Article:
Evolution predictions and medicine: (was re: Challenge)

From: tikeda@sprintmail.com
Date: Thu Oct 11 2001 - 13:40:45 EDT

  • Next message: Moorad Alexanian: "Re: Evolution predictions and medicine: (was re: Challenge)"

    Moorad wrote to George:
    >I grant all what you say but all the theories you mention give rise
    >to predictions. What are the predictions that evolutionary theory has
    >made in medicine, for instance, that could not have been made without
    >invoking evolutionary theory?

    I'm a bit confused.

    If I take the question literally, the answer is none.

    Understanding of biology (and other sciences) involves numerous core
    discoveries. We could call it a bundle of core ideas and known
    mechanisms. Depending on a particular case or question, a particular
    subset of known phenomena/ideas may provide sufficient explanation.
    Evolutionary "theory" (actually theories) may encompass a particular
    set (actually, most of biological understanding probably relates to
    evolution) and particular cases/examples of evolution may involve a
    subset of these. Medicine, as it relates to biology also pulls from
    the same pool or bundle and again, specific cases in medicine will
    rely more heavily on a particular subset of the bundle.

    As for the relationships between medicine and evolutionary studies,
    in specific cases they'll be overlap of the core mechanisms.
    Thus it's hard to ask what exclusive predictions could be made
    from evolutionary theory wrt medicine because any such predictions
    would necessarily require a sharing of mechanisms & ideas. You
    can't easily disentangle the two.

    So how would individual mechanisms or components of evolutionary
    theories have impact on medicine? That can be asked.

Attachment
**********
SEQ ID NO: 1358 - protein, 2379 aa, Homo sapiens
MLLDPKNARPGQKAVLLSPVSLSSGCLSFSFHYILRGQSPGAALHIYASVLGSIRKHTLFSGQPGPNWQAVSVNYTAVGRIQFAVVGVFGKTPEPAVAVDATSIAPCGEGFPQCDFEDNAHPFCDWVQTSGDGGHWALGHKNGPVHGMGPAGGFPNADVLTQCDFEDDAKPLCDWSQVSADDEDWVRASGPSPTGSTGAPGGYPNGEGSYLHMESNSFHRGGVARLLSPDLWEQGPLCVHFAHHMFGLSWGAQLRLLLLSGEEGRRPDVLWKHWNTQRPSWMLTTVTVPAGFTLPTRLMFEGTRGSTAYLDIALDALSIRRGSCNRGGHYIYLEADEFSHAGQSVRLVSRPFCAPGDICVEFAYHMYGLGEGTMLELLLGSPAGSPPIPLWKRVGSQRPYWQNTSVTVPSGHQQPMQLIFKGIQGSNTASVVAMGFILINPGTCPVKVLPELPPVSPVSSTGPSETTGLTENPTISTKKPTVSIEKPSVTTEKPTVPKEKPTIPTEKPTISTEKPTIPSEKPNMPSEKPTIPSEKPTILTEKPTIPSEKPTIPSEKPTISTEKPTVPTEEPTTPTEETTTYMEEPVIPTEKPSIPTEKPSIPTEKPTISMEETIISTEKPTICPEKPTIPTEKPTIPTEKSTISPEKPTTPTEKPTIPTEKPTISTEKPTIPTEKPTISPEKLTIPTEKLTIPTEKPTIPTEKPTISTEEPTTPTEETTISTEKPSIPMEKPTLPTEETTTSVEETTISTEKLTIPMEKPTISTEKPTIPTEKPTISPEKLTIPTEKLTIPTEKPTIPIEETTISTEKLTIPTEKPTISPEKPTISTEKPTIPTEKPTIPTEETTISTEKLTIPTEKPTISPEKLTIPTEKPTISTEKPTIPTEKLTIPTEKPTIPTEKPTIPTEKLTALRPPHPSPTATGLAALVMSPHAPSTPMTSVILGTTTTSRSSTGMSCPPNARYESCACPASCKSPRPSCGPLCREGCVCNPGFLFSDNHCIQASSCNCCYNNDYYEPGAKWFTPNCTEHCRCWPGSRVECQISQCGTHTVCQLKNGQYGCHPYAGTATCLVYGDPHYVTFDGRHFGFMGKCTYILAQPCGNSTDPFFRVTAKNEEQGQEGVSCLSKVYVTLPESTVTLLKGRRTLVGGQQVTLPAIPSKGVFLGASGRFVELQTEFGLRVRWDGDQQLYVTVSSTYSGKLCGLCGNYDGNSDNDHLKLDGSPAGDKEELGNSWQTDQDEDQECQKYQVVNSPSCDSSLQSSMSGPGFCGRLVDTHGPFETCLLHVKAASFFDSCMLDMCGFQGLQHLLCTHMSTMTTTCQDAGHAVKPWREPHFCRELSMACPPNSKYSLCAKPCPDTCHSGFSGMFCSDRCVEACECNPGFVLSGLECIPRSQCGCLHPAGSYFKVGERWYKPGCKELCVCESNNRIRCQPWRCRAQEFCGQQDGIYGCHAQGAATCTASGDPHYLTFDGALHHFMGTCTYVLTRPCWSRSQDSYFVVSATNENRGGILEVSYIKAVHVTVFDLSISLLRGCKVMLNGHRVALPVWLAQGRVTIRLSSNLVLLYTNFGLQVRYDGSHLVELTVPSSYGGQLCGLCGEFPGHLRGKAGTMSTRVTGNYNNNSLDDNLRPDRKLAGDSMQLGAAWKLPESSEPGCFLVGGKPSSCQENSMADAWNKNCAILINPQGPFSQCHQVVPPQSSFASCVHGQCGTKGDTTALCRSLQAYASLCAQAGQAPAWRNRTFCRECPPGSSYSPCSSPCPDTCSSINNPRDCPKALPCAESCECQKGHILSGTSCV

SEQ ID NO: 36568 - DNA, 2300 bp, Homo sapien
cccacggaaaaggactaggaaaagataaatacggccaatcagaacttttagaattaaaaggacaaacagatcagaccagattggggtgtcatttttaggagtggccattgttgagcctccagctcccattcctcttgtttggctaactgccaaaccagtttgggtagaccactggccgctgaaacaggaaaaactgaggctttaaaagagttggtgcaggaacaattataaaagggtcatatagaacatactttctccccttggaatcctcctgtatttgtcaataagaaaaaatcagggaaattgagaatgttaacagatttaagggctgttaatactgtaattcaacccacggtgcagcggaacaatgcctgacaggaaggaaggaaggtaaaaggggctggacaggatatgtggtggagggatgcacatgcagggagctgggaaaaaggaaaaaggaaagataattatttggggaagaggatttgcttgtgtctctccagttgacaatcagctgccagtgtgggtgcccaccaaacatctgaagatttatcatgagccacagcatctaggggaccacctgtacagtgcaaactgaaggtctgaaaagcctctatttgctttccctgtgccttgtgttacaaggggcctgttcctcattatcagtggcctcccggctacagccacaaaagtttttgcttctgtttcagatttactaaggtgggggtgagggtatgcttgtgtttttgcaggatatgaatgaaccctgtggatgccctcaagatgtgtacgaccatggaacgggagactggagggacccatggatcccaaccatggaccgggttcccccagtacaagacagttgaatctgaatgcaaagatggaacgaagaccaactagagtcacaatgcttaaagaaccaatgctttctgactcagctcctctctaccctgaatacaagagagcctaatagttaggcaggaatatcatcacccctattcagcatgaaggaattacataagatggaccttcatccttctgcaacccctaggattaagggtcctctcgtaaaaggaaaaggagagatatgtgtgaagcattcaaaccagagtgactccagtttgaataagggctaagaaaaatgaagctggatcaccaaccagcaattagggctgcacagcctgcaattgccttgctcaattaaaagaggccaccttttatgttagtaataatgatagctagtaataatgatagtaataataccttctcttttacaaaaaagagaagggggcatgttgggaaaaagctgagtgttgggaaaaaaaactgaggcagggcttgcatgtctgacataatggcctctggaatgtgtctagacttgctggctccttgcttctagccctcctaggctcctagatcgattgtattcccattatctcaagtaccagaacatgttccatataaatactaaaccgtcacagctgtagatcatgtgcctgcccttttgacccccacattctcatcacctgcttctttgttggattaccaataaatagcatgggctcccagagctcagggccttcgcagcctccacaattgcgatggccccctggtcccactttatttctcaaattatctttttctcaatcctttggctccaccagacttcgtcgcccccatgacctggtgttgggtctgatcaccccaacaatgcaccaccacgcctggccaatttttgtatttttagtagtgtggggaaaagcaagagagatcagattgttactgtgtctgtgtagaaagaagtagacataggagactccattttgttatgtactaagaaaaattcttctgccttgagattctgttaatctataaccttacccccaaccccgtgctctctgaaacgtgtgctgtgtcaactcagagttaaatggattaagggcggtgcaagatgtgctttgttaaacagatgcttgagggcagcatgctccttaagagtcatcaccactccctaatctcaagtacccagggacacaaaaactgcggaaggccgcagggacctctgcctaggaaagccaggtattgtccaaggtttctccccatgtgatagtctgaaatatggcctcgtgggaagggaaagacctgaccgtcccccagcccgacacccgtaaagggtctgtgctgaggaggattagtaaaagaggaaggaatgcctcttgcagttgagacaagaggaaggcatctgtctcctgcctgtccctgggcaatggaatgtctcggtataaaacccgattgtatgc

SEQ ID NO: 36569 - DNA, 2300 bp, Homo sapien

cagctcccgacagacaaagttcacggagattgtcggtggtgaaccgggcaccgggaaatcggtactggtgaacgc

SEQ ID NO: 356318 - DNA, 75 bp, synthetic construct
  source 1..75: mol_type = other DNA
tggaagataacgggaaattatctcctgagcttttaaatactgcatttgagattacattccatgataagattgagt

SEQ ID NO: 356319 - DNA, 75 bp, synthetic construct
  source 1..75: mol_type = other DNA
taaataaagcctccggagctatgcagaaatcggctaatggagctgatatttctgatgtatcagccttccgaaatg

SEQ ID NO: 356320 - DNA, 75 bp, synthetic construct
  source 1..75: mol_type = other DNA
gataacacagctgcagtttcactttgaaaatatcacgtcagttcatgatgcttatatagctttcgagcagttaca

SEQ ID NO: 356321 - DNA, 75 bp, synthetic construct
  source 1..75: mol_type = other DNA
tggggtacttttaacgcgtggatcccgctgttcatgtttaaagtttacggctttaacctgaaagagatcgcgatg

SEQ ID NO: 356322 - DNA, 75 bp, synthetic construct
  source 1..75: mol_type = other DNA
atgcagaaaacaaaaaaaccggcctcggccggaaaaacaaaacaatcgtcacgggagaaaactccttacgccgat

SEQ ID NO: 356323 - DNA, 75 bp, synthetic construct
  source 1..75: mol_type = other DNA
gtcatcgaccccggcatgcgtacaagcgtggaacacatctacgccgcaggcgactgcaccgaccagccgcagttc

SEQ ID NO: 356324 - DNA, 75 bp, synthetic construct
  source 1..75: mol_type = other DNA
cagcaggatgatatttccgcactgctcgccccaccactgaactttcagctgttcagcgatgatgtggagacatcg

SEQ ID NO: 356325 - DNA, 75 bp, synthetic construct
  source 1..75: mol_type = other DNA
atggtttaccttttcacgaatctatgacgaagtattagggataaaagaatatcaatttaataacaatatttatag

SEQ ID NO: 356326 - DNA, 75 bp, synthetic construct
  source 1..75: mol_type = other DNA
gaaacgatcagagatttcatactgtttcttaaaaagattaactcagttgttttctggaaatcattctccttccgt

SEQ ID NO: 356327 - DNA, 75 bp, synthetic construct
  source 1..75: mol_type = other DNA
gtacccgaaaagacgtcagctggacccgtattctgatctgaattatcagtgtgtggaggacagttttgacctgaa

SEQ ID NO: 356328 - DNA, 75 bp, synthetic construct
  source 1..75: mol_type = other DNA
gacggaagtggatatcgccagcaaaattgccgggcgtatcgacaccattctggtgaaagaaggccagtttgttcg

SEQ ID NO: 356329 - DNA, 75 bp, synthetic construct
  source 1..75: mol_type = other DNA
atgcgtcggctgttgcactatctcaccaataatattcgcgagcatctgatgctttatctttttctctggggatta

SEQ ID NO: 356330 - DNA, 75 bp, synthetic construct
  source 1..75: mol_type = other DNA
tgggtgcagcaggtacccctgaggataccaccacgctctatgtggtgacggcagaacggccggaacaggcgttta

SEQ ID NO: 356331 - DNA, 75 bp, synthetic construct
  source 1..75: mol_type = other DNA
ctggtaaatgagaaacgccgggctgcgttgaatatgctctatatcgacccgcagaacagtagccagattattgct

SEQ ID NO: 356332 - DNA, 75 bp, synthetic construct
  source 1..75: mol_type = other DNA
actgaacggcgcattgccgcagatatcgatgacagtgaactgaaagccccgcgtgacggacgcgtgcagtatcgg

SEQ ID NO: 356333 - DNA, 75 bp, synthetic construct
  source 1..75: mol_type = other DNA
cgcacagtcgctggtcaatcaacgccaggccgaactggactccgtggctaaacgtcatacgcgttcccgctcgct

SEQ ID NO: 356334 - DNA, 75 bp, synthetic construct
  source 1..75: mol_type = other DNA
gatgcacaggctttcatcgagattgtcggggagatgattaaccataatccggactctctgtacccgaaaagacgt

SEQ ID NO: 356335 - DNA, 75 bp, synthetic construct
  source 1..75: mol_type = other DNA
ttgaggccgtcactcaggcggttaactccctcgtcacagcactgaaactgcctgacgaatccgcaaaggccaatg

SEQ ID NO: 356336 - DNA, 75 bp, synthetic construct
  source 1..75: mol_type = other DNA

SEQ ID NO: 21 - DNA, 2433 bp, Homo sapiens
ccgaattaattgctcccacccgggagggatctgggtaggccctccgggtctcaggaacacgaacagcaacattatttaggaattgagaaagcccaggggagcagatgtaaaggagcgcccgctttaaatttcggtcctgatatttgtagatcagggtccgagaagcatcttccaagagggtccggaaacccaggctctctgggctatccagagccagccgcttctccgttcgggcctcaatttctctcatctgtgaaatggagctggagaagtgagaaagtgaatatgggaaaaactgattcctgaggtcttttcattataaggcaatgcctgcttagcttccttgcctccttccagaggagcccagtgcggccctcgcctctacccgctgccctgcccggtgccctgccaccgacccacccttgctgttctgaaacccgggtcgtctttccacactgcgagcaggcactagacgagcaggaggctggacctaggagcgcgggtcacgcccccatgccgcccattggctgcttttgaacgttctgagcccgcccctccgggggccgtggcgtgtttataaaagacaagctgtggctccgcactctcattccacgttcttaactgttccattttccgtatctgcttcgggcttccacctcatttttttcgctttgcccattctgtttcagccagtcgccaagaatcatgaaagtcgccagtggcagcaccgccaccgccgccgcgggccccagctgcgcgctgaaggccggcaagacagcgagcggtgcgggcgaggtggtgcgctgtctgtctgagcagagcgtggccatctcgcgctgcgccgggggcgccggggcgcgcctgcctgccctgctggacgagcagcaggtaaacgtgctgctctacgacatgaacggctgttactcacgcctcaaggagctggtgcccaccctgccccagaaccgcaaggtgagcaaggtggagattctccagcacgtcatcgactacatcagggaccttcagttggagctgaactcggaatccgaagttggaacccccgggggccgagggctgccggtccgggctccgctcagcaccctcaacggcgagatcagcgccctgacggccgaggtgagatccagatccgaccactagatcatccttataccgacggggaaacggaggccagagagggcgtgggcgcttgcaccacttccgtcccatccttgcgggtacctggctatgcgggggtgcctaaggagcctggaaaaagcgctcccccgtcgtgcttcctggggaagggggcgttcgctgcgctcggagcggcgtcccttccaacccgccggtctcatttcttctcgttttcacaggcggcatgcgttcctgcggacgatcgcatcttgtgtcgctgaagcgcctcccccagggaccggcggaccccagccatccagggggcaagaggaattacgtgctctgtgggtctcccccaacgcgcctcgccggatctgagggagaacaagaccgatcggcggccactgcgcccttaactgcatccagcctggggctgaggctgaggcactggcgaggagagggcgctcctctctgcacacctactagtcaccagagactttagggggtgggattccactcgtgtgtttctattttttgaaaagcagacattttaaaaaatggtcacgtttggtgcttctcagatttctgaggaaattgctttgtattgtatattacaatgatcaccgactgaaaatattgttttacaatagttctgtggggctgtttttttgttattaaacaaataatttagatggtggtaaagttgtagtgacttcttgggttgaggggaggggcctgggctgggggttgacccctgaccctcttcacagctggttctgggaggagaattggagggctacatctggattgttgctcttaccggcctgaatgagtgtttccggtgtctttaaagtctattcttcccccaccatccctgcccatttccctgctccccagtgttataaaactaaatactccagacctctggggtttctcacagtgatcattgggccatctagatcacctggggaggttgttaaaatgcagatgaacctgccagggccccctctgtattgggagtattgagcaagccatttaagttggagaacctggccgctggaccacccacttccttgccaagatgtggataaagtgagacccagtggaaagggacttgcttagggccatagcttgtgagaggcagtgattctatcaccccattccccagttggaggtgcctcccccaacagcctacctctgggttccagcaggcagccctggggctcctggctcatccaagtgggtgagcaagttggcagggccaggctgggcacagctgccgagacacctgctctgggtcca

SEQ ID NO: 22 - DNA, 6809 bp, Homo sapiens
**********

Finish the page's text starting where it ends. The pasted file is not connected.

Consider common descent with modification: This invokes inheritance
    and genealogy -- Definitely has a strong impact on our understanding
    of the transmission of some diseases (e.g. Tay-Sachs).

    Consider mutation: Has impact on cancer, antibiotic resistance,
    and microbial pathogenesis.

    Consider natural selection: Explains the emergence of resistant
    pathogen populations, new pathogens and new mechanisms of

    Consider neutral theory: Explains much of the diversity in
    human and pathogen populations that can contribute to
    differential responses to treatments under different

    Basically, I don't the think question being asked makes
    much sense because the predictions made by "evolutionary
    theory" can never be considered exclusive to just
    evolution because all of biological thought derives
    from the same pool. That separation doesn't exist because
    evolutionary theory is not composed of a single, stand-alone

    Suggested: Ernst Mayr's _The Growth of Biological Thought_
    or Sober's _Philosophy of Biology_ for background reading.

    Tim Ikeda (tikeda@sprintmail.com)

    mail2web - Check your email from the web at
    http://mail2web.com/ .

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